Augmented health services personnel with 2nd Med. are preparing for an upcoming deployment in support of Special Marine Air Ground Task Force Crisis Response Africa.



“Management of a trauma team is always a unit cohesion issue,” said Byrne. “It depends on how well that unit works together. This team has come together within the last 24 hours, so we’ve got a lot of building to do, but we’ve also got a great group of people who are going to do very well and work well together.”



Overall, the training went well, and the sailors are more prepared for future operations.



“The group that I supervised during training did fantastic,” said Brown. “They had just met each other approximately four minutes before the scenario started. They had four minutes to talk through what their roles and responsibilities would be and they jumped into every role that they would be comfortable with immediately. So they did a fantastic job, and barring training limitations, if they would have handled a real patient like that – it would be superb. They covered stuff that we didn’t even expect them to cover.”
Comments

Welcome to the 2d MLG's Official Page. We strive to provide our audience with perspective on unit and Marine Corps news and information while maintaining an issue driven, principle based and audience focused conversation online.

While this is an open forum, it's also a family friendly one, so please keep that in mind when posting comments. In addition to keeping it family friendly, we ask that you follow our posting guidelines listed below. Comments and posts that do not follow these guidelines will be removed:

-We do not allow graphic, obscene, explicit or racial comments or submissions nor do we allow comments that are abusive, hateful or intended to defame anyone or any organization.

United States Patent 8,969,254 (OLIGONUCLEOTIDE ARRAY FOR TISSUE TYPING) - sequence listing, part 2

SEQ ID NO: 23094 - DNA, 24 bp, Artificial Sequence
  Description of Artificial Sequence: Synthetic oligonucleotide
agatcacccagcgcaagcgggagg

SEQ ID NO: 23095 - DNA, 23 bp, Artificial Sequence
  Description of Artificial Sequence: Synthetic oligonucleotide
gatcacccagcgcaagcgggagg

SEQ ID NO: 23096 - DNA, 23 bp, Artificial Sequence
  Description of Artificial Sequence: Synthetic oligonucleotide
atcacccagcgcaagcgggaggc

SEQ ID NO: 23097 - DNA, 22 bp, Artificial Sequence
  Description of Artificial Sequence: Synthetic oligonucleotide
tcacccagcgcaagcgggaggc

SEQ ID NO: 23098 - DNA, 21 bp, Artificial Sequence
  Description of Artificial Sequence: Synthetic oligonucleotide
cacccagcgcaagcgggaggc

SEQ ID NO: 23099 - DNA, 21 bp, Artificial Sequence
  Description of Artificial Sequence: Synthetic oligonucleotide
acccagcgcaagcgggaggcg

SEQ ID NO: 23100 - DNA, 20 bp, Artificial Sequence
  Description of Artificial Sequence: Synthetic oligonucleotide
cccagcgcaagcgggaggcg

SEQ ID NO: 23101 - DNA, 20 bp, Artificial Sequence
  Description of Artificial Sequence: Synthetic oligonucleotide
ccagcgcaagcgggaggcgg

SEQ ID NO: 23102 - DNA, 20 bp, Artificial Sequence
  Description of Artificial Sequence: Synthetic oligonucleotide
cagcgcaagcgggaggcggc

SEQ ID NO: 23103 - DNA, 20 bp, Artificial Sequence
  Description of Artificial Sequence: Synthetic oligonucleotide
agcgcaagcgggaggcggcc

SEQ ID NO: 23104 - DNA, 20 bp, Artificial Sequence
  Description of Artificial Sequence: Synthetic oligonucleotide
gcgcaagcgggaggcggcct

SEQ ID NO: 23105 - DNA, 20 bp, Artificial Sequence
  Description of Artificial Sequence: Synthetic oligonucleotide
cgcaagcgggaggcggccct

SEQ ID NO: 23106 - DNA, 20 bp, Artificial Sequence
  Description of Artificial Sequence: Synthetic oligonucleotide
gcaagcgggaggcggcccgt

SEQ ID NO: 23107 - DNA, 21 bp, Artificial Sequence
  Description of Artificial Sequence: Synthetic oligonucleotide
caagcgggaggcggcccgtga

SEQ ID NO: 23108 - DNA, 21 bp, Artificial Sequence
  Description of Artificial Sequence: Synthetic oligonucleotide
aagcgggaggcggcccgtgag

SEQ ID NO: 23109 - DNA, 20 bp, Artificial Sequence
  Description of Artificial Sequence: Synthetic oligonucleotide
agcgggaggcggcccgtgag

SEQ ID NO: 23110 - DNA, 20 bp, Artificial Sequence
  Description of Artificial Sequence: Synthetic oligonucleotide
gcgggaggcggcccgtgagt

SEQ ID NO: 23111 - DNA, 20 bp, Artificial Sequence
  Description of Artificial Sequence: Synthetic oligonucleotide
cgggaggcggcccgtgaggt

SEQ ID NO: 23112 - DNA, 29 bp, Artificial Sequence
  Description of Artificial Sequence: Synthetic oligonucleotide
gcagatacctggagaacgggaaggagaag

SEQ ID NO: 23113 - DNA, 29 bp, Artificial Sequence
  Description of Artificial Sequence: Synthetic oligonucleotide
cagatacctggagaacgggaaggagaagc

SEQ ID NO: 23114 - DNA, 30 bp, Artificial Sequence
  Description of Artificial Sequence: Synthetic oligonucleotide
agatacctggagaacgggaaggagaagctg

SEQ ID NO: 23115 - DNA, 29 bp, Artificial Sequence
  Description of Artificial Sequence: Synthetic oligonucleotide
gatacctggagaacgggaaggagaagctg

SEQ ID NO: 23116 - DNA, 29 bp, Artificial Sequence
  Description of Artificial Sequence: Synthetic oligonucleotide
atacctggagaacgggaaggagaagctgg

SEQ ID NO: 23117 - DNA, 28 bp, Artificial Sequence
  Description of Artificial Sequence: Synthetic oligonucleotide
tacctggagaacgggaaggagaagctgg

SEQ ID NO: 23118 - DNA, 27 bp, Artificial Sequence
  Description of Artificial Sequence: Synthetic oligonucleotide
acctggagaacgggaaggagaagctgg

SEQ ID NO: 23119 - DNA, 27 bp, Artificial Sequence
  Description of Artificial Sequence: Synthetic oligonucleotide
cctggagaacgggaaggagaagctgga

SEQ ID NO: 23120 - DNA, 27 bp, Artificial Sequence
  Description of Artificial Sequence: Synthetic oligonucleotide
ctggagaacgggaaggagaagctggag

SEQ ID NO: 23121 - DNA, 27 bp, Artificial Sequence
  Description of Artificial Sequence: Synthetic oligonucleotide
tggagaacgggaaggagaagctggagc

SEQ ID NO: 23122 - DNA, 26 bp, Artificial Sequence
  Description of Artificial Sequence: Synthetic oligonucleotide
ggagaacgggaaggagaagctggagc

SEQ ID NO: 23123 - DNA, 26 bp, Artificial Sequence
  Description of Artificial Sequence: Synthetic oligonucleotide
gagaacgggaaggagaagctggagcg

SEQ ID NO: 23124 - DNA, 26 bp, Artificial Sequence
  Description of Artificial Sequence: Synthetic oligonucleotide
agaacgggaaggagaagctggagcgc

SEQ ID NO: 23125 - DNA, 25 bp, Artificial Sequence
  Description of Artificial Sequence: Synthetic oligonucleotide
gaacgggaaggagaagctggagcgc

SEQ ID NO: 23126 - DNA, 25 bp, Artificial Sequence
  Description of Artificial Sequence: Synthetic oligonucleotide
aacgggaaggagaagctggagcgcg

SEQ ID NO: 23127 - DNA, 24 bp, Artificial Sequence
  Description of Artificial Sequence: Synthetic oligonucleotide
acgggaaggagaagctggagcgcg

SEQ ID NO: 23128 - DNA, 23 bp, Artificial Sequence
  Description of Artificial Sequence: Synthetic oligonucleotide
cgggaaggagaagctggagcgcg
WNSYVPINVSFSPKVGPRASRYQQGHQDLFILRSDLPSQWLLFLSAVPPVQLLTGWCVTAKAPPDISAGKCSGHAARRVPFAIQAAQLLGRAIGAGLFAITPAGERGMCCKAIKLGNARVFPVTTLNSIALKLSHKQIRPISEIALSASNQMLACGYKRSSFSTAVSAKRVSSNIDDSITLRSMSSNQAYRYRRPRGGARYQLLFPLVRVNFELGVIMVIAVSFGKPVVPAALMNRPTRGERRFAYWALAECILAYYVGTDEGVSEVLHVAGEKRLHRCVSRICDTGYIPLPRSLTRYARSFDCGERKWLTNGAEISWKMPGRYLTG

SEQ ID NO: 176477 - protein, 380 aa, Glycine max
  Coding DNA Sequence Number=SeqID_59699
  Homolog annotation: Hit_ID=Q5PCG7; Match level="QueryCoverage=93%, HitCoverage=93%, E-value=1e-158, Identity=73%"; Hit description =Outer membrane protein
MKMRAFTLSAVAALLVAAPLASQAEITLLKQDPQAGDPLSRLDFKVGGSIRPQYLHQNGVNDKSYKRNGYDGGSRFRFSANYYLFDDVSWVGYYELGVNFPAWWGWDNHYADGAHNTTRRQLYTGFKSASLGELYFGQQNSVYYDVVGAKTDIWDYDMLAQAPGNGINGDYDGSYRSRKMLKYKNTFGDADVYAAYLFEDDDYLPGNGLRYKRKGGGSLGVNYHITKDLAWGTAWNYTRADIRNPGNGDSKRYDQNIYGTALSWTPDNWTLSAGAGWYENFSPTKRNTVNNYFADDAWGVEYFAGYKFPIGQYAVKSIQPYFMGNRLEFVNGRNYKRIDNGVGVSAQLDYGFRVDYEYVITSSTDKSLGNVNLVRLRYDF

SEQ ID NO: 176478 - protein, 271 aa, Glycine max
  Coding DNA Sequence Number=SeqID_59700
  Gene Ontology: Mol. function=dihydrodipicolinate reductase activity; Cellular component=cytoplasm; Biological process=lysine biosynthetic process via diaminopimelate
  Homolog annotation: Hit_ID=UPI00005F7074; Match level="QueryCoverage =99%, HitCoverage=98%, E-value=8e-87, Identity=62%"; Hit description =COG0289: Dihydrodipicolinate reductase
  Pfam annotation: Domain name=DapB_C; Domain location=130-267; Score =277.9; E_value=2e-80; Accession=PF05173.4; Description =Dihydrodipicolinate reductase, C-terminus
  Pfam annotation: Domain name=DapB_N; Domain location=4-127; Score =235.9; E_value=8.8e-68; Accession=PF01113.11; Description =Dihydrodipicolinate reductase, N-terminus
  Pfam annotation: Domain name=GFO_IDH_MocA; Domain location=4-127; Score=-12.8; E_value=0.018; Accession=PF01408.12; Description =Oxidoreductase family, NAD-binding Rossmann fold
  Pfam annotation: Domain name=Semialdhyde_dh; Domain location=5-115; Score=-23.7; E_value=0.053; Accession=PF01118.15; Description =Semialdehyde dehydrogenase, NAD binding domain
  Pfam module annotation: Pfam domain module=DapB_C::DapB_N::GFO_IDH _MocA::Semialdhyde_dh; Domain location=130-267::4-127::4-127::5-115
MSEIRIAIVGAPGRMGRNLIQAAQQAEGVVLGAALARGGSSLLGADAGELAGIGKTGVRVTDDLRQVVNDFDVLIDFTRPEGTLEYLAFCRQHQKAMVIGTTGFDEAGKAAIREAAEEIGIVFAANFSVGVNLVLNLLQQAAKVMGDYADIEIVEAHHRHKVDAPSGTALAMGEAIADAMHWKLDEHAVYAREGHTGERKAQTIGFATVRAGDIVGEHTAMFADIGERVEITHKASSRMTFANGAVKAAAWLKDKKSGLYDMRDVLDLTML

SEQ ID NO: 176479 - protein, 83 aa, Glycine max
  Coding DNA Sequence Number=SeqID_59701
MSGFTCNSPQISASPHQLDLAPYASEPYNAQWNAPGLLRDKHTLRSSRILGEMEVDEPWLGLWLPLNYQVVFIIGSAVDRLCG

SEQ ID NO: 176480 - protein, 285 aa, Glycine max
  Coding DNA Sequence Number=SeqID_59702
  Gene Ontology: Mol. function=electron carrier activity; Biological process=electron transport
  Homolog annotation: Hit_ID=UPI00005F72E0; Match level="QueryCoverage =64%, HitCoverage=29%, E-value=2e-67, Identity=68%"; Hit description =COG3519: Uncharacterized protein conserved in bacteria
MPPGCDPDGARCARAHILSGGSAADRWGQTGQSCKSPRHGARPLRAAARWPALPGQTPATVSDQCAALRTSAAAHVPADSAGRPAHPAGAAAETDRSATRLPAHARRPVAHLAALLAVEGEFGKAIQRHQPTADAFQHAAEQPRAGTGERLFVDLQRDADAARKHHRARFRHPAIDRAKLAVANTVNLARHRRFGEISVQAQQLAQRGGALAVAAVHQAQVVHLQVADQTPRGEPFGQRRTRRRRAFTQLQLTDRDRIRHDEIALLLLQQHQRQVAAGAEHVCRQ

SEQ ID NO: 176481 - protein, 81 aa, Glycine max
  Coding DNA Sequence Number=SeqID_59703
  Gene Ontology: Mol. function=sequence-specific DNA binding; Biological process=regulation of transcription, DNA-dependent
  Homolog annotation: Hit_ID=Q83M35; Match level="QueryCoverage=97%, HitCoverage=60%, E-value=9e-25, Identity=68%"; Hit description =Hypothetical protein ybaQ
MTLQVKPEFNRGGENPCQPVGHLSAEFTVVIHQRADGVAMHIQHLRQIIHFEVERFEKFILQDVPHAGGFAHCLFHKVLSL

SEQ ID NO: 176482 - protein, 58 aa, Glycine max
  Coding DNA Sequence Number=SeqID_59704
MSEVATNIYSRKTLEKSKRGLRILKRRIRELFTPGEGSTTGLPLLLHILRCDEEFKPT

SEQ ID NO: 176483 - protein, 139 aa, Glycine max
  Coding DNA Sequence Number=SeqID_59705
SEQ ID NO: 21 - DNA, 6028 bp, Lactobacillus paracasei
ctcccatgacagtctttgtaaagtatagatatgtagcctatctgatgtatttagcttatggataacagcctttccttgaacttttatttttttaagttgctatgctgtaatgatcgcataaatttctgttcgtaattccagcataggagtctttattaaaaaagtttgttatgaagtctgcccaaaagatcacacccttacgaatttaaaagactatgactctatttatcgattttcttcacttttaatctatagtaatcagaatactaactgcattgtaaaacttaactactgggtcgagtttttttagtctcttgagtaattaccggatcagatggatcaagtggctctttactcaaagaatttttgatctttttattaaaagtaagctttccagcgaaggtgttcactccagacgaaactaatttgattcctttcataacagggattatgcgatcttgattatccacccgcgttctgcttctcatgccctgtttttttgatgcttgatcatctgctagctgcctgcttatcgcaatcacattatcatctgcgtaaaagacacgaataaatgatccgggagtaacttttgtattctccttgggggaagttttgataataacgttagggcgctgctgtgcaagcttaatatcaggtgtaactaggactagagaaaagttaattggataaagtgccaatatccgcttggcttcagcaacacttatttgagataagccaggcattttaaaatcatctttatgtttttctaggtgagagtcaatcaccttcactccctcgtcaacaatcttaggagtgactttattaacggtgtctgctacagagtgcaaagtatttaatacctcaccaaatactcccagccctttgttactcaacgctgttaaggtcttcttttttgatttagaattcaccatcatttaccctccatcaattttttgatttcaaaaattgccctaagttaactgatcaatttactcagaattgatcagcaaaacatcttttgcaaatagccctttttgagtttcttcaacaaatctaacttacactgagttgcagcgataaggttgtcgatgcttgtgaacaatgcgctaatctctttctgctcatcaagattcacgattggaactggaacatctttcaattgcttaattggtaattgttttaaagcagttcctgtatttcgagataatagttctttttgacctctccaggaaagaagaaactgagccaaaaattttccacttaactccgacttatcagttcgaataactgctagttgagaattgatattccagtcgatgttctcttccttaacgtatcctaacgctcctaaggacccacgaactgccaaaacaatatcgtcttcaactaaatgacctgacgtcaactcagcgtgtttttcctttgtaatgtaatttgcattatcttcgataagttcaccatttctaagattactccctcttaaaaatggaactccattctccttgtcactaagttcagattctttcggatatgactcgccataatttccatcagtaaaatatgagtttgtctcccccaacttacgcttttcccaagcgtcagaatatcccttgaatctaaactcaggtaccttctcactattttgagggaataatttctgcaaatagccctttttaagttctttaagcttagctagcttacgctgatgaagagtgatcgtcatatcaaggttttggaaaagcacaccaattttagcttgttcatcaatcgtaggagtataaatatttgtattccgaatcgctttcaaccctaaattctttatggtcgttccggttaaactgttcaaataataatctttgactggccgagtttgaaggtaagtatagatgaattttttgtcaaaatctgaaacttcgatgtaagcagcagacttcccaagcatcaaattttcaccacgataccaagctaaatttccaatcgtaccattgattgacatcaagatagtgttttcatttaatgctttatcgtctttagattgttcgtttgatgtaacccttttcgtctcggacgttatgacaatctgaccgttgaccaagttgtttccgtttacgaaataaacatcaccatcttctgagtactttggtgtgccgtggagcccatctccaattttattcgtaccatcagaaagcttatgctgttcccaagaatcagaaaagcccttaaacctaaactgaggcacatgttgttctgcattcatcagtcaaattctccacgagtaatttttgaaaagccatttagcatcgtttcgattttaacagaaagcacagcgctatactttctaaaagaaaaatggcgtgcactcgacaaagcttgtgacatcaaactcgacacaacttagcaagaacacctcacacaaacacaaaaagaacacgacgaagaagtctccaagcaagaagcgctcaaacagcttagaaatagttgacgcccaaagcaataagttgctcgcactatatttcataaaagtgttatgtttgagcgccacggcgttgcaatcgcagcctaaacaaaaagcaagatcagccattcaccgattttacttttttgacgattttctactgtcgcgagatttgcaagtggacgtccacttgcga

-We do not allow solicitations or advertisements. This includes promotion or endorsement of any financial, commercial or non-governmental agency. Similarly, we do not allow attempts to defame or defraud any financial, commercial or non-governmental agency.

-We do not allow comments that suggest or encourage illegal activity.

-Apparent spam will be removed and may cause the author(s) to be blocked from the page without notice.

-You participate at your own risk, taking personal responsibility for your comments, your username and any information provided.

- For Official Use Only (FOUO), classified, pre-decisional, proprietary or business-sensitive information should never be discussed here. Don't post personnel lists, rosters, organization charts or directories. This is a violation of privacy.

The appearance of external links on this site does not constitute official endorsement on behalf of the U.S. Marine Corps or Department of Defense.

You are encouraged to quote, republish or share any content on this site on your own blog, Web site or other communication/publication. If you do so, please credit the command or the person who authored the content as a courtesy.

Semper Fidelis.

Resources

Click for COVID-19 InformationReport Suspicious ActivityDStress Hotline